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Next time you’re in my suite, ask me for a spin!

How to make your videos look better in 2019

1.  Light. Light. Light. Light. It’s all about light.  Without it we would literally have no image.  Look for interesting light to capture… filtered, speckled, coloured, soft, dappled, twilight, harsh, glittering and glorious light.  Capture the contrast between light and shade and this will make your image more dynamic.  If the natural light is not interesting enough cut some of it out and create dark shadows.  Make sure your character has an eye-light – every character needs a light and a twinkle in their eye no matter how dark the scene is.  If you are filming a dark scene, light it up and put light into those shadow details then bring the exposure back down in the grade.  There is no coming back from an underexposed shot and your image may break up with noise.  Hire a good cinematographer!  She/he is worth their weight in gold.


2.  Create a visual mood board of the look that you want before your start shooting.  Show your collaborators and have this on hand when you’re making decisions on costume, location and set design.  Show your cinematographer and your colourist so that every one knows your intention and can aim for the same visual goal.  This planning and preparation will help make your videos look better – if you are wanting a soft colour palette then make sure your lead character or presenter is not wearing a black shirt or a bright, bold red dress.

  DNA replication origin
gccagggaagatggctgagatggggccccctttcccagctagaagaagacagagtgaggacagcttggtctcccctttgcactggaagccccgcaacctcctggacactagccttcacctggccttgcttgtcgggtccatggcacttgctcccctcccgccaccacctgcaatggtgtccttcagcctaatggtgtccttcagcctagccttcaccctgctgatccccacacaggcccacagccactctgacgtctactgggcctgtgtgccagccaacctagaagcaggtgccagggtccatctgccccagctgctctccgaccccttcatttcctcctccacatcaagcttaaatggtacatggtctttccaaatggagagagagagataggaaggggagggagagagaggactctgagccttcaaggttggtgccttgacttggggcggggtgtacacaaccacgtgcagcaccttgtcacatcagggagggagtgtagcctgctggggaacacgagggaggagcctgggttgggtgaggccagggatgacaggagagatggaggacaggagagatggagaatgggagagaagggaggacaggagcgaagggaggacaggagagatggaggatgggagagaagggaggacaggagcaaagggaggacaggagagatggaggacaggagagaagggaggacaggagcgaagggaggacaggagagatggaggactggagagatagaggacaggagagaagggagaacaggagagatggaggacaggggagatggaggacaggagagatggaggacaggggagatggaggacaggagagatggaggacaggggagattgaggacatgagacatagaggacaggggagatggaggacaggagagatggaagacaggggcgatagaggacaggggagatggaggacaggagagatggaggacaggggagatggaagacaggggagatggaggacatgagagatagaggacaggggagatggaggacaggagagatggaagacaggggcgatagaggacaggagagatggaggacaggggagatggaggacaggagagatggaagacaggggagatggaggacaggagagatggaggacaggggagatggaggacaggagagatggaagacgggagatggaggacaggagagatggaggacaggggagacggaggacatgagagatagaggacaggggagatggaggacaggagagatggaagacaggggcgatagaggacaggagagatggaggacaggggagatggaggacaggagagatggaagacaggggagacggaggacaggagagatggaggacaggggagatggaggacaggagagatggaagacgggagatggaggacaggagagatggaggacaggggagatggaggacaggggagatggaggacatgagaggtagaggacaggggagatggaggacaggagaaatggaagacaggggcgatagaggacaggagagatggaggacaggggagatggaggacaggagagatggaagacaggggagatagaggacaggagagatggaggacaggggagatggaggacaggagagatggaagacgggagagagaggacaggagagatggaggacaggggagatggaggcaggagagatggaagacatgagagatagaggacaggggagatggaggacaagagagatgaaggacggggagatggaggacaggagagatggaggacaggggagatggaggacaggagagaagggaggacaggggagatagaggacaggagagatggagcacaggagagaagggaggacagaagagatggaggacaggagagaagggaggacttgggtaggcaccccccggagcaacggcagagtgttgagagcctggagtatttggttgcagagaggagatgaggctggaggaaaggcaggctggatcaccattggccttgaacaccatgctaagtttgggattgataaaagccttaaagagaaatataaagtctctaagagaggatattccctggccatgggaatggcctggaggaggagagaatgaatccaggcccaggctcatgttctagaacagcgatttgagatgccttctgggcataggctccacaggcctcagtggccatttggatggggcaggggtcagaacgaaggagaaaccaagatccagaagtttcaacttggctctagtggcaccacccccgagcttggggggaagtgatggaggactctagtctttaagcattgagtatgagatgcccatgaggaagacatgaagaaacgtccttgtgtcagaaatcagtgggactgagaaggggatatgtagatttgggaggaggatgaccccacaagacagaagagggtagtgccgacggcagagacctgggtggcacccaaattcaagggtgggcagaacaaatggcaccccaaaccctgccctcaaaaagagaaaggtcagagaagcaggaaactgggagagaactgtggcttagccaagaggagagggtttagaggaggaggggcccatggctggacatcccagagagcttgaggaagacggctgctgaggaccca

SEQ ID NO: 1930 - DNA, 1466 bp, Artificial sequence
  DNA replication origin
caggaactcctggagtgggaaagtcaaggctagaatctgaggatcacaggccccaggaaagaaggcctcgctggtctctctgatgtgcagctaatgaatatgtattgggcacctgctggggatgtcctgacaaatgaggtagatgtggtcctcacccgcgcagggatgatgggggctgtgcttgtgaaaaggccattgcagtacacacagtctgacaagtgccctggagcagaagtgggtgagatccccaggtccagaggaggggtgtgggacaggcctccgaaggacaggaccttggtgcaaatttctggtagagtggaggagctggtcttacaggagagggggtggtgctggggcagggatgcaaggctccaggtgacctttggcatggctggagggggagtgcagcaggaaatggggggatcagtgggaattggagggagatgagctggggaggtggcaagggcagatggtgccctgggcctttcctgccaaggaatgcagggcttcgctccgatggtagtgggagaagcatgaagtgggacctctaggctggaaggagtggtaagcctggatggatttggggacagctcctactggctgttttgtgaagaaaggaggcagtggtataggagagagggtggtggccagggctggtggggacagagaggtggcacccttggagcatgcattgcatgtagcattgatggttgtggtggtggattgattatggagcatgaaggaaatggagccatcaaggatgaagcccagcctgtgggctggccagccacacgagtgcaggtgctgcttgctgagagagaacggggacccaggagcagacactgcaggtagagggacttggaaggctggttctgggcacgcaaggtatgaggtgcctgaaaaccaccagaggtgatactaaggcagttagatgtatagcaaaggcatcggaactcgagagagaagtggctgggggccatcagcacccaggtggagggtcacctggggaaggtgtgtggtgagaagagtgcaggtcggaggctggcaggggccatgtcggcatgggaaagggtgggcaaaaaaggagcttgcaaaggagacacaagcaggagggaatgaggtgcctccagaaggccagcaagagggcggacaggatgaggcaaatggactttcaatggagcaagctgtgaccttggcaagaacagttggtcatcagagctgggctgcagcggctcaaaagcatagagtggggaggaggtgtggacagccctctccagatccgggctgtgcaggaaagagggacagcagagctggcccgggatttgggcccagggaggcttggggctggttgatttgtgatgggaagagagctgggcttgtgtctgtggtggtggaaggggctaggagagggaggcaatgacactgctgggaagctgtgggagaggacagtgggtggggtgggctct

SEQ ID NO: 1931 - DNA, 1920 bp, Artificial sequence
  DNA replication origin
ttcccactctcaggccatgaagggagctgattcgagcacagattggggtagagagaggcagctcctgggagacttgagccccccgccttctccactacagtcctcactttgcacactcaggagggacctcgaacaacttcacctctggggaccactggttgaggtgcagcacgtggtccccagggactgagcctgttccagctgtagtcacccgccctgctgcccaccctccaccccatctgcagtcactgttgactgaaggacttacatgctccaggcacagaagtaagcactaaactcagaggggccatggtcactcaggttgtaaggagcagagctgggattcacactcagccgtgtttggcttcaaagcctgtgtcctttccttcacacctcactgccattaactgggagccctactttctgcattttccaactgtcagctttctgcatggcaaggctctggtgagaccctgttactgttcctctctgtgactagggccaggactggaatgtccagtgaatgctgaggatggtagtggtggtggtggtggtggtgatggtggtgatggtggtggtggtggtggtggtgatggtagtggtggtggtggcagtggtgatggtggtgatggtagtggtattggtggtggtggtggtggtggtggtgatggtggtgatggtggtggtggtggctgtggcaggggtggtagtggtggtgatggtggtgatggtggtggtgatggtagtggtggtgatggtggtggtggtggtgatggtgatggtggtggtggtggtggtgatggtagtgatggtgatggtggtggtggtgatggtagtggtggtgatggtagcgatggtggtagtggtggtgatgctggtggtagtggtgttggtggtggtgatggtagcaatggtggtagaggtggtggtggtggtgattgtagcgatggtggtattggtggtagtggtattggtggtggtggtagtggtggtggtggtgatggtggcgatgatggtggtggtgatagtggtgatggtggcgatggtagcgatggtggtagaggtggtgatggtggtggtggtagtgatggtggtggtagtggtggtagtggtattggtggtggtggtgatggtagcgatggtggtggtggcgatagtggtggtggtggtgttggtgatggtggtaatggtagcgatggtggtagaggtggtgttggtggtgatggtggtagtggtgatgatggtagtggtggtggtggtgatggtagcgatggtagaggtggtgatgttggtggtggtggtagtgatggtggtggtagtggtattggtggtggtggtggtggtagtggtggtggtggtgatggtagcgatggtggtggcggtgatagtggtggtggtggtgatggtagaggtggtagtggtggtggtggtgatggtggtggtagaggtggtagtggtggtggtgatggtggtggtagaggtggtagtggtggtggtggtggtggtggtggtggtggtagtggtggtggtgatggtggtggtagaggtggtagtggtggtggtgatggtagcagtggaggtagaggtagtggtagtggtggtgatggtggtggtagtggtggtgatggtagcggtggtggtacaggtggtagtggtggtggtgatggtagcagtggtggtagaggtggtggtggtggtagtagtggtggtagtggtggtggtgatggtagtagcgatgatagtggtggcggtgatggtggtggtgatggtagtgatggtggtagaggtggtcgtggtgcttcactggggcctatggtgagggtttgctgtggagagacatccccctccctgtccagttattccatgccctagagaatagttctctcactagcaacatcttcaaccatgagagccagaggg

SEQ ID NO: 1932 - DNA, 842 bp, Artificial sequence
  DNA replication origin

3.  Stay away from cream walls as a backdrop.  If you’re shooting a documentary interior try and find a wall nearby with some colour or some pattern.  If it’s an interview set up give the shot depth by having them stand in the foreground of a location with a background with objects at different heights (buildings, trees etc).  If you have a stationary subject create depth and interest by adding something in the background which can be out of focus like a coloured curtain, a vase, a sculpture, or a painting.  Cream walls also make it more difficult to pull out/isolate some subject’s skin tones and it limits the separation between background and foreground.  We want a good separation between background and foreground so avoid cream and go find a wall of a different colour or pattern, or if you have time and budget paint the wall!

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4.  Limit zooming in on full frame shots during the edit unless very necessary for the story.  Zooming in on a shot reduces the quality of that shot no matter what the source resolution.


5.  Leave enough time in the filmmaking process for the final finishing.  Lock your edit (!) and let the VFX, the sound and colour department have time to craft their magic.  This is the best part (in my biased opinion!) so try and avoid crazy finishing deadlines and soak up the wonderful experience of putting the icing on the cake.  Great finishing will elevate your video and make it look infinitely better.